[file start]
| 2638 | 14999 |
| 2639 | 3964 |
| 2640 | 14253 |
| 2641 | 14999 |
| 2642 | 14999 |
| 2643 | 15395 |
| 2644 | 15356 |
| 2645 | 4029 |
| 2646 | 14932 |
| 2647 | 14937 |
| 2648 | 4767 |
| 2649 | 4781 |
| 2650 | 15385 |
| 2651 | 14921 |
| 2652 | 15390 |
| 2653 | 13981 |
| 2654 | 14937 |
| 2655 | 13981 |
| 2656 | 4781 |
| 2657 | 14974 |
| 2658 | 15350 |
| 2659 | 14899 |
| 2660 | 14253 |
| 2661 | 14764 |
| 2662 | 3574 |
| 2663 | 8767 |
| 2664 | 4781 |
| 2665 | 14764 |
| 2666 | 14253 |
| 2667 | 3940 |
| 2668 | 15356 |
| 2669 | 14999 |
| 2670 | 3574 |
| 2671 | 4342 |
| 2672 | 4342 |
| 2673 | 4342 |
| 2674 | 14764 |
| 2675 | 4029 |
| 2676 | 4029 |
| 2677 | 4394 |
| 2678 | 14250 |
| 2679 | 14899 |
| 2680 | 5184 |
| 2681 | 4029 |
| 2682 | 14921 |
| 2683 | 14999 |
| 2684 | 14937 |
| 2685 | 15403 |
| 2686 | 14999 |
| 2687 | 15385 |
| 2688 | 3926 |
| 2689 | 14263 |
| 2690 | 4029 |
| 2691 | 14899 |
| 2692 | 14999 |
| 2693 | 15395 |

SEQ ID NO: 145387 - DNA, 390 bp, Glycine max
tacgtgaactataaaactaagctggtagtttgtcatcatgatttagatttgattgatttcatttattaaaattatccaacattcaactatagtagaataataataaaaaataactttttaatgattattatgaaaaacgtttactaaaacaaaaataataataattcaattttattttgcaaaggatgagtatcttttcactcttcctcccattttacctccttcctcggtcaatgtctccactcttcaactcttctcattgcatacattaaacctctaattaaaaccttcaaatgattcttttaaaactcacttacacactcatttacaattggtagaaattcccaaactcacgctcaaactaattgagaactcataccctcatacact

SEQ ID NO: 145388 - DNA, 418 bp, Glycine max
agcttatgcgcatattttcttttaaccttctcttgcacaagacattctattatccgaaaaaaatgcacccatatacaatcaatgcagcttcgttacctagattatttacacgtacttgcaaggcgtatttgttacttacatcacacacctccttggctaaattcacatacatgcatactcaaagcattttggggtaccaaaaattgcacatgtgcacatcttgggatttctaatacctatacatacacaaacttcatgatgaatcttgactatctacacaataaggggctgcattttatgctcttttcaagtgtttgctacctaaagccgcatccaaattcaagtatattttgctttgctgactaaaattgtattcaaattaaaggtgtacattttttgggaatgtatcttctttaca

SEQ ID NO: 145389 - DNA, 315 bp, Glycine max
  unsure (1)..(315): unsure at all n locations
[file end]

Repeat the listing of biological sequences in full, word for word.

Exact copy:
| 2638 | 14999 |
| 2639 | 3964 |
| 2640 | 14253 |
| 2641 | 14999 |
| 2642 | 14999 |
| 2643 | 15395 |
| 2644 | 15356 |
| 2645 | 4029 |
| 2646 | 14932 |
| 2647 | 14937 |
| 2648 | 4767 |
| 2649 | 4781 |
| 2650 | 15385 |
| 2651 | 14921 |
| 2652 | 15390 |
| 2653 | 13981 |
| 2654 | 14937 |
| 2655 | 13981 |
| 2656 | 4781 |
| 2657 | 14974 |
| 2658 | 15350 |
| 2659 | 14899 |
| 2660 | 14253 |
| 2661 | 14764 |
| 2662 | 3574 |
| 2663 | 8767 |
| 2664 | 4781 |
| 2665 | 14764 |
| 2666 | 14253 |
| 2667 | 3940 |
| 2668 | 15356 |
| 2669 | 14999 |
| 2670 | 3574 |
| 2671 | 4342 |
| 2672 | 4342 |
| 2673 | 4342 |
| 2674 | 14764 |
| 2675 | 4029 |
| 2676 | 4029 |
| 2677 | 4394 |
| 2678 | 14250 |
| 2679 | 14899 |
| 2680 | 5184 |
| 2681 | 4029 |
| 2682 | 14921 |
| 2683 | 14999 |
| 2684 | 14937 |
| 2685 | 15403 |
| 2686 | 14999 |
| 2687 | 15385 |
| 2688 | 3926 |
| 2689 | 14263 |
| 2690 | 4029 |
| 2691 | 14899 |
| 2692 | 14999 |
| 2693 | 15395 |

SEQ ID NO: 145387 - DNA, 390 bp, Glycine max
tacgtgaactataaaactaagctggtagtttgtcatcatgatttagatttgattgatttcatttattaaaattatccaacattcaactatagtagaataataataaaaaataactttttaatgattattatgaaaaacgtttactaaaacaaaaataataataattcaattttattttgcaaaggatgagtatcttttcactcttcctcccattttacctccttcctcggtcaatgtctccactcttcaactcttctcattgcatacattaaacctctaattaaaaccttcaaatgattcttttaaaactcacttacacactcatttacaattggtagaaattcccaaactcacgctcaaactaattgagaactcataccctcatacact

SEQ ID NO: 145388 - DNA, 418 bp, Glycine max
agcttatgcgcatattttcttttaaccttctcttgcacaagacattctattatccgaaaaaaatgcacccatatacaatcaatgcagcttcgttacctagattatttacacgtacttgcaaggcgtatttgttacttacatcacacacctccttggctaaattcacatacatgcatactcaaagcattttggggtaccaaaaattgcacatgtgcacatcttgggatttctaatacctatacatacacaaacttcatgatgaatcttgactatctacacaataaggggctgcattttatgctcttttcaagtgtttgctacctaaagccgcatccaaattcaagtatattttgctttgctgactaaaattgtattcaaattaaaggtgtacattttttgggaatgtatcttctttaca

SEQ ID NO: 145389 - DNA, 315 bp, Glycine max
  unsure (1)..(315): unsure at all n locations